Book Review: An Angel Inside

Posted on November 25, 2009. Filed under: Professional | Tags: , |

The Angel InsideTold as a parable (think The One Minute Manager), this self-discovery book is a light treatment for a very weighty topic about finding one’s calling. The full title of the book by Chris Widener published in April 2007 is An Angel Inside: Michelangelo’s Secrets For Following Your Passion and Finding the Work You Love.

While the topic is of particular relevance to me — thinking about an encore career, I’ve got several of these books on my reading list — the treatment was a little too simplistic for my tastes. There were interesting morsels for sure, but the overall effect was merely diversionary.

Quickly, the parable starts with a young man on vacation in Europe for two weeks to find refuge from his Wall Street job and recently failed love relationship. He is seeking answers and hoping to find them in the museums of Europe. While sitting at a cafe in Florence, Italy an older man introduces himself and offers a tour of his hometown. The younger man tags along as the older man provides a series of eight lessons.

  1. There is an angel in each of us. As Michelangelo said while studying a block of marble prior to starting to cut for his ultimate masterpiece, “There is a masterpiece in here, I simply need to release it from the stone.
  2. Follow your passion. When we feel stuck in our jobs that is a clue that we have not yet found our calling.
  3. Act with confidence. It sometimes takes a bold and risky step to discover our passions. Like quitting a highly paying job because it doesn’t feed our passion. (Hmmm, sounds familiar!)
  4. Beauty is in the details. As the young man is studying il gigante, he discovers that what makes this carving a masterpiece is not just its lifelike appearance from afar, but the incredible attention to detail Michelangelo provided in its closeup relief. Similarly, if we cannot find joy in every aspect of what we are doing, we must be in the wrong job.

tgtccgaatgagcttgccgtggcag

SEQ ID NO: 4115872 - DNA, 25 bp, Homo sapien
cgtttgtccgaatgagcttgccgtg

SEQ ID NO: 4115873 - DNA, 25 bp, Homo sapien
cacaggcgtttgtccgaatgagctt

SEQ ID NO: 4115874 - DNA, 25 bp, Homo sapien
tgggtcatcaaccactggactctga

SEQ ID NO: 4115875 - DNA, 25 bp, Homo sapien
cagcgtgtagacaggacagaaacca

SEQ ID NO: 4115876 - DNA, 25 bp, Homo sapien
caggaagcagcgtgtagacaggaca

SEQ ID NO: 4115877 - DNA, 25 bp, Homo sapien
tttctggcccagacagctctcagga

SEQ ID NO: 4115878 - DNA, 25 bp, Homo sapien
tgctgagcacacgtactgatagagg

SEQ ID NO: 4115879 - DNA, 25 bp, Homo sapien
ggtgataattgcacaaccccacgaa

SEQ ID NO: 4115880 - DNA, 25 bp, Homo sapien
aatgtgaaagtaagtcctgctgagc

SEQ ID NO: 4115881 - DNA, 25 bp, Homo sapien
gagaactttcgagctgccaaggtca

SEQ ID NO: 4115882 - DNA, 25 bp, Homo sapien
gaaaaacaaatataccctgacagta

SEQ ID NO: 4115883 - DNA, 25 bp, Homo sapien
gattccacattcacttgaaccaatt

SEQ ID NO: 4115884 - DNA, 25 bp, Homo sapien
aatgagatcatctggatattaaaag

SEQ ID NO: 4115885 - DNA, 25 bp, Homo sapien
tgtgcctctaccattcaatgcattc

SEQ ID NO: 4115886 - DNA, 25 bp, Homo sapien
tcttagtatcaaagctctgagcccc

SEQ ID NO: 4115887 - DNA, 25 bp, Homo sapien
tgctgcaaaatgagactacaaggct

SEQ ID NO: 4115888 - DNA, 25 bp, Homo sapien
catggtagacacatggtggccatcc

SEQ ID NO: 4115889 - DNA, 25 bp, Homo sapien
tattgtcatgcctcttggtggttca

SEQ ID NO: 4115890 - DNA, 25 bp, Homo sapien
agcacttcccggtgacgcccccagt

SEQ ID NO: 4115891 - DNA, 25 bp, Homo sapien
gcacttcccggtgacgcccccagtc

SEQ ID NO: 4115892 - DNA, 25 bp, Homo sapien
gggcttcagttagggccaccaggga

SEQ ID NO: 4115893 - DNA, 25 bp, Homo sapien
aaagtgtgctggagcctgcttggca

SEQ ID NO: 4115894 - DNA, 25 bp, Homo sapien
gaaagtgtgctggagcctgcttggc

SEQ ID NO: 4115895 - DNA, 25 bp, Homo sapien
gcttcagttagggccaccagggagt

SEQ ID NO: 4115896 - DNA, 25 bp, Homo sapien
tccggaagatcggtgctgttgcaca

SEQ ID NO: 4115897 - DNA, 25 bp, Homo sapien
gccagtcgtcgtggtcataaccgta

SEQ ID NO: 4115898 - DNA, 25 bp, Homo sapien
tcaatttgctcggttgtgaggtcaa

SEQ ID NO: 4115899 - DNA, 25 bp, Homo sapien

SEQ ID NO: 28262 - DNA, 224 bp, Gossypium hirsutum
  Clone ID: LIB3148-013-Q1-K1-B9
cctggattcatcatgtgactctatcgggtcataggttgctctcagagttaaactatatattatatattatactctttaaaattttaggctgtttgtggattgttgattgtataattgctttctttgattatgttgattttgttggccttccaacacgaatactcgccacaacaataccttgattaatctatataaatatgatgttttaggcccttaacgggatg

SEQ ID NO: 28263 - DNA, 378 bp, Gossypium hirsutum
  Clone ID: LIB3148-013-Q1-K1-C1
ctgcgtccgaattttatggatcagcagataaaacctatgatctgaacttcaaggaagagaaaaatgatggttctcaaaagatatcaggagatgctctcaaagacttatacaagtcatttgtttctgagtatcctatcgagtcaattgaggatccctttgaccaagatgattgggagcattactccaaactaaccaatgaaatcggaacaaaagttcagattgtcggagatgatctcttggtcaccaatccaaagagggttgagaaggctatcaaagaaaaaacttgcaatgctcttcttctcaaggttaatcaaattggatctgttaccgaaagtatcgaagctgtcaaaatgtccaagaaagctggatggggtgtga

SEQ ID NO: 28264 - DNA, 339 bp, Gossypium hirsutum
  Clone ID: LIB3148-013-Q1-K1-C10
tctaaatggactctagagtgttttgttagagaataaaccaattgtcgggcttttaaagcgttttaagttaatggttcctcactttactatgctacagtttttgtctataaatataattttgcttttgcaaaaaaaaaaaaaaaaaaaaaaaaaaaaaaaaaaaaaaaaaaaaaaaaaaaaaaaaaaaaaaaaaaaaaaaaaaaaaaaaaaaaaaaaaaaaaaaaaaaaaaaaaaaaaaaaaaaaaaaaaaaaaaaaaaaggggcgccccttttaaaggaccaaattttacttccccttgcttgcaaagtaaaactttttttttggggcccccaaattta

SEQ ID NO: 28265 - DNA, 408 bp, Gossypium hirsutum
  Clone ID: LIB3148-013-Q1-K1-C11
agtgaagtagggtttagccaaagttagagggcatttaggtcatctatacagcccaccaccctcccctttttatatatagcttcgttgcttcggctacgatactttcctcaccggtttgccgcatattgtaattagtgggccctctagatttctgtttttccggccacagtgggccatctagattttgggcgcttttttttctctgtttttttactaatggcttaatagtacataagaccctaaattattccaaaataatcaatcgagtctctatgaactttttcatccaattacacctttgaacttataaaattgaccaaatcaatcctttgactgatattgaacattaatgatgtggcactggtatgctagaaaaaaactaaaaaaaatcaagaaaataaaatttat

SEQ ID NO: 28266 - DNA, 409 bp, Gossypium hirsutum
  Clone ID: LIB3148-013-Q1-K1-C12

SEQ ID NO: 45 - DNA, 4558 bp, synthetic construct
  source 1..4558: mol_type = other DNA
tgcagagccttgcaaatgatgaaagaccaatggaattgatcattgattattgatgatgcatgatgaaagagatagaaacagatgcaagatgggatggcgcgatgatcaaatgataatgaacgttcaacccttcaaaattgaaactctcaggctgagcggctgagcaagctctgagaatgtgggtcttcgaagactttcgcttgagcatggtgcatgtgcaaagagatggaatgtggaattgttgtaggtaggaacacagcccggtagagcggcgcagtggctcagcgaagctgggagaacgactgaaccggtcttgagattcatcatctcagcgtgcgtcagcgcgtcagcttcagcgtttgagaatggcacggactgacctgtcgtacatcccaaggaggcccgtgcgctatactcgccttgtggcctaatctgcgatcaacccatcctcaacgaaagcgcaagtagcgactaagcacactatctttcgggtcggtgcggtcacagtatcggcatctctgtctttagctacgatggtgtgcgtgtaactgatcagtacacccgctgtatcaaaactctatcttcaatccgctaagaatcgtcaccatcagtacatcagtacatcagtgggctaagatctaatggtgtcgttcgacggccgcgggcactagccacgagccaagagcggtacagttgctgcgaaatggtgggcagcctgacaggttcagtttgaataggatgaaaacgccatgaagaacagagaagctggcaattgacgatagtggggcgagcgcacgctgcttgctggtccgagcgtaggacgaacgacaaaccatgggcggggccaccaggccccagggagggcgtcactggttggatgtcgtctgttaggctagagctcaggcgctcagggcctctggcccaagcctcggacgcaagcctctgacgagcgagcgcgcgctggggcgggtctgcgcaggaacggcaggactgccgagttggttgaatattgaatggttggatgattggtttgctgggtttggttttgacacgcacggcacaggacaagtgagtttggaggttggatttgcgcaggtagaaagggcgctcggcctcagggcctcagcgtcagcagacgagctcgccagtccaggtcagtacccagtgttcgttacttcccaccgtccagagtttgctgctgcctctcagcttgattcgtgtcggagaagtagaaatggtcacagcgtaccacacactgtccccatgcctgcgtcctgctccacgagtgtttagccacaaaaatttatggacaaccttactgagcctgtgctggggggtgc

5. Connect the heart with the hand. Not only must we have a vision for our masterpiece (heart) we must translate that into action (hand). Vision without action remains unborn. Action without vision lives without a soul.
  6. Plan your work. Move fast enough to get where you want, but slow enough to get it right the first time. Some masterpieces take years to complete, so don’t worry about a schedule. On the other hand, waiting for it to land in your lap will not produce results either.
  7. Action is the beginning of accomplishment. Every successful endeavor begins with a single, swift action. In the story, the young man observes an artisan who has spent weeks preparing a piece of marble before he takes sledge hammer to the rock. Sculptors move from big, heavy chisels to smaller and more delicate ones to sanding and finally polishing. In our careers, we should expect a similar progression of action.
  8. People and books shape who we become. The wise elder instructs the young man to be selective with whom he socializes and what literature he puts in his head. He advises (and this was my biggest pearl of wisdom from the book) we should avoid people who keep us stuck in our comfortable patterns and read old autobiographies. There are too many obstacles to discovering the angel within without having friends who help us avoid it. Similarly, books written a long time ago and still in print contain messages that are enduring and worth reading.
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